In defence of the idiot hero in anime

The idiot hero is a trope for a reason. He’s head strong, stupid, the best fighter, and damn near always the leader of the group. Black Star from Soul Eater and Shirou from Fate/Stay Night are two perfect examples of this trope. For those who want a more interesting main protagonist it produces a groan of annoyance and probably a face palm every time he does something especially idiotic. It’s a trope for a reason, but we must consider the fact that it is continuously used because it helps create a more human character in us.

Here’s how the Idiot Hero trope is defined by TV Tropes as:

The Idiot Hero is a common character in action series. Often, he is both the protagonist and the central character of the narrative. He will frequently use the Indy Ploy, will be too stupid to be afraid of imminent peril, and will often have a short memory span. Despite all of this, he is the most effective member of the cast at fighting. He will also usually be the leader of a tight-knit group of characters, despite the fact that he doesn’t have the brains to lead a cat out of a paper bag. This is because he’s so stupid as to be incorruptible, and has the ability to maintain a childlike innocence and faith in people that inspires those around him.

You can apply this to all the characters listed above? They’re not particularly intelligent, they often don’t know a lot relating to the task at hand, even if said task probably involves saving the world, take the stupid big damn hero risks in order to save even the slightest individual and don’t get the girl until the very end or until it’s said right to their face and somehow end up the leader. A normal hero wouldn’t do this, right?

Take Shirou from Fate/Stay Night for example. He’s an under qualified mage who somehow gets involved in a ritual to summon the Holy Grail. His overriding goal is to protect people, no matter what. Shirou is the pinnacle of incompetence. He’s determined not to get his partner hurt in the battle between mages… despite the fact she’s shown to be way more competent than he is or will be. Even when he himself could probably be killed effortlessly by the main villain, he still tries to rush to the villain’s victim’s aid.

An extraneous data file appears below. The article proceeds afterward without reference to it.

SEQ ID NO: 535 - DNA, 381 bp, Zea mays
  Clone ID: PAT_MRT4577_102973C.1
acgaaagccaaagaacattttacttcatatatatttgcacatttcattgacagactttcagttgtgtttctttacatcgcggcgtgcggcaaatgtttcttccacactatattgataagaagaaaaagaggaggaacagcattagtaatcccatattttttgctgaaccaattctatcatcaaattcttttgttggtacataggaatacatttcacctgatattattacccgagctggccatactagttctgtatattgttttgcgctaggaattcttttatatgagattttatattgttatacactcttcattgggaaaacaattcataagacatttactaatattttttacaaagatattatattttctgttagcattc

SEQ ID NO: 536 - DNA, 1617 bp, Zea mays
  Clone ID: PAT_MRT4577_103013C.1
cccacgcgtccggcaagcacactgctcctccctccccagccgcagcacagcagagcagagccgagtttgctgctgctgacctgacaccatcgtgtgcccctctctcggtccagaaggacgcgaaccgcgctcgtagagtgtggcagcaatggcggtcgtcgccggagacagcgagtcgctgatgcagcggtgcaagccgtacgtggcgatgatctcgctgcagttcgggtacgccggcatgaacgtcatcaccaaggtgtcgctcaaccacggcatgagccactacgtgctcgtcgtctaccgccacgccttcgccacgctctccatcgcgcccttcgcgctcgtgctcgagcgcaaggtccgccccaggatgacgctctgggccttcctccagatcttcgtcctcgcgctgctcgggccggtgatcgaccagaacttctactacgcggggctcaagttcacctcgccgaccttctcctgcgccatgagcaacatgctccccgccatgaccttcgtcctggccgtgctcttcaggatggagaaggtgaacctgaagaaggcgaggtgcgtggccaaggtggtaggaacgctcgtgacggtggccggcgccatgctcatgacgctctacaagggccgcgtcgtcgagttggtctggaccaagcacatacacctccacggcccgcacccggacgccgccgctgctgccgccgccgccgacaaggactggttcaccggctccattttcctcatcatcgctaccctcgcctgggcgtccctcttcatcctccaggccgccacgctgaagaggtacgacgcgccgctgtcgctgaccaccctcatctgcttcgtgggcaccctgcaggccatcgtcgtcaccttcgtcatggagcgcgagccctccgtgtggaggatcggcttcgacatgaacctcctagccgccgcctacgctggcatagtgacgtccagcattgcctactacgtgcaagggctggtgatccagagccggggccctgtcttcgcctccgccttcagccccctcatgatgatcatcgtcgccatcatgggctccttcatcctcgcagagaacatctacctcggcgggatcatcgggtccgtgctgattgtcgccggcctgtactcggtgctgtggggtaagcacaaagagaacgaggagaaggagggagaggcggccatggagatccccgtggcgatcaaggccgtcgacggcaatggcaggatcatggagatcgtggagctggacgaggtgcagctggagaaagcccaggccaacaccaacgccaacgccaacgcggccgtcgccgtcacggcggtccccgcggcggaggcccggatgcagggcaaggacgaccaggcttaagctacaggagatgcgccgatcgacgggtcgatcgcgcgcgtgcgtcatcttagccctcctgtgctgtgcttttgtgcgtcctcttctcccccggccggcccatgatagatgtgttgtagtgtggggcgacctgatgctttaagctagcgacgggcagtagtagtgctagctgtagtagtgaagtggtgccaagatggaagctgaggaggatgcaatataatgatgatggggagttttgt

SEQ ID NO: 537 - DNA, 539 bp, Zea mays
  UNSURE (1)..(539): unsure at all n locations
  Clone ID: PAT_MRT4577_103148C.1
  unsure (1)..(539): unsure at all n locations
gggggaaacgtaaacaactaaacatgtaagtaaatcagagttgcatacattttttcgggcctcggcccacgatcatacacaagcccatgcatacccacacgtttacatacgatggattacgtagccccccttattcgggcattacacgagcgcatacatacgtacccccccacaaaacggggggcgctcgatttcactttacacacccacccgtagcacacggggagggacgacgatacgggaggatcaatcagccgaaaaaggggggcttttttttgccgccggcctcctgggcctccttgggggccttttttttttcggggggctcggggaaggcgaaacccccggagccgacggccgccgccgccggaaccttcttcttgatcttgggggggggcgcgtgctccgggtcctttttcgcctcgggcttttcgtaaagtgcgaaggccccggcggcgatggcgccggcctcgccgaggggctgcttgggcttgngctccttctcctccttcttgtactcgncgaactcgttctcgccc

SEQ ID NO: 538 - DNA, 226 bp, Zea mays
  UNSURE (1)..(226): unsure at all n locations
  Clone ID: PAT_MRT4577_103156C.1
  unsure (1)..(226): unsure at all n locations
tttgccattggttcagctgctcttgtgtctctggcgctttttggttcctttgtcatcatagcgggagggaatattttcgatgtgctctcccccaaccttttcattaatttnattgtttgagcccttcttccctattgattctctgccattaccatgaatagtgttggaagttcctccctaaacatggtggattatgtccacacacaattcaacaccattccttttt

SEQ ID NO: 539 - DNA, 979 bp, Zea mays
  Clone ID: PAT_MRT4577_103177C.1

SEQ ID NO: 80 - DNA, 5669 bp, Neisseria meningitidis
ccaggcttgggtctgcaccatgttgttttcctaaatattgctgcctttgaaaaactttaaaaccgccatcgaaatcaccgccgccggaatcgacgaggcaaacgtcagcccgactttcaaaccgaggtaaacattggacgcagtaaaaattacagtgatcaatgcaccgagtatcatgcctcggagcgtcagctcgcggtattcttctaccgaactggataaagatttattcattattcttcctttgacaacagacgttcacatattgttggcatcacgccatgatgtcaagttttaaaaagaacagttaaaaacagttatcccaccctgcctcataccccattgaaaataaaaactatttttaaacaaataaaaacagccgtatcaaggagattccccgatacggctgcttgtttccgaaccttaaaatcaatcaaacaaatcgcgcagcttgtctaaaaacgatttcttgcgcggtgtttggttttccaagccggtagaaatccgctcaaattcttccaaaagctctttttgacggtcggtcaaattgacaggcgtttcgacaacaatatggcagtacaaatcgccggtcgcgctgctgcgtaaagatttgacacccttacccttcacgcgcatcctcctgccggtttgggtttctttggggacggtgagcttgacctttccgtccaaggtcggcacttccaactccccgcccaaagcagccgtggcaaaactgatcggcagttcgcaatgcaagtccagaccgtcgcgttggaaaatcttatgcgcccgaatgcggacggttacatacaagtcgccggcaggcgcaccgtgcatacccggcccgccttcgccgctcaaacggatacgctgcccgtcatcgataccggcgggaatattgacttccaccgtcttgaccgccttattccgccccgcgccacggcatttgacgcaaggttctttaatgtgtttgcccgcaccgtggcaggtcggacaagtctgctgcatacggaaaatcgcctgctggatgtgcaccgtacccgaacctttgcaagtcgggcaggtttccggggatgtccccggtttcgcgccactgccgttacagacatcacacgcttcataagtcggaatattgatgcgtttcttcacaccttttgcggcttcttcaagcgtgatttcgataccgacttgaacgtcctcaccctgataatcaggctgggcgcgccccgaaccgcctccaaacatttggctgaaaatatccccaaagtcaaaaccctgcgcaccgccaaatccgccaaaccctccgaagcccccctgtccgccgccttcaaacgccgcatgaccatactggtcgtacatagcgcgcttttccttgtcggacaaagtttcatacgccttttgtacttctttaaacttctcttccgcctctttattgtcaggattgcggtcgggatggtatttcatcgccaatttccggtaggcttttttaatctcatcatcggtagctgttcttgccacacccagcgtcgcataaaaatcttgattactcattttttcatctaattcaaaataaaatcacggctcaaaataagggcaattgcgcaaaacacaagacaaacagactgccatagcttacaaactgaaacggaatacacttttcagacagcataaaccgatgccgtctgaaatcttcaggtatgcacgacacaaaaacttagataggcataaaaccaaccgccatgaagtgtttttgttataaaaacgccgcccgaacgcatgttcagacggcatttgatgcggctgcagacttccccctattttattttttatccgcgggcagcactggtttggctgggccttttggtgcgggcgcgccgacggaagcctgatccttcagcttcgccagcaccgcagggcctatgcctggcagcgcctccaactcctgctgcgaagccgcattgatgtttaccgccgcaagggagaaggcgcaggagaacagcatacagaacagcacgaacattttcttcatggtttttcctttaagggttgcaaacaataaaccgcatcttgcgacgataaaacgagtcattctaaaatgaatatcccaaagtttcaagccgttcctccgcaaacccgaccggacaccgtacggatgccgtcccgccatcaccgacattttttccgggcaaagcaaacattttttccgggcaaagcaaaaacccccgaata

But in reality the idiot hero is similar to the anti-hero, a much more loved character in that we can relate to them with our own flaws. We want the perfect, shining hero of light who is pure intelligence distilled into one lean form of heroism… but no human is like that. Literally none. So why do we expect a hero to have any perfect qualities? Having a characteristic which is not perfect, whether that be in intelligence or otherwise, presents us a more human character that we can relate to, rather than just having a character that none of us can relate to.

Often if you delve deeper into a character there’s a reason the might display ‘idiot’ qualities. Shirou for example has a mental disorder which makes him only be happy when others are happy, explaining his often suicidal behaviors. Black Star has a superiority complex, he needs to be better than everyone and absolutely everyone needs to know this, even if it annoys other people. Both these characters show more human personality traits, mental disorders, they become more human. This help us relate to them more compared to if they were ‘perfect’ and this can help explain why they do things that may seem idiotic.

If a character displays a flaw, like being an idiot hero, then that makes them all the more relatable to us. It’s unrealistic for us as humans to expect a fictional hero to perfect and create a Mary Sue. Real life heroes don’t work that way. Neither should we expect our heroes in anime to be.

P.S. I suck at closing paragraphs.


Originally published at valiantghost.com on 25th of November, 2015.

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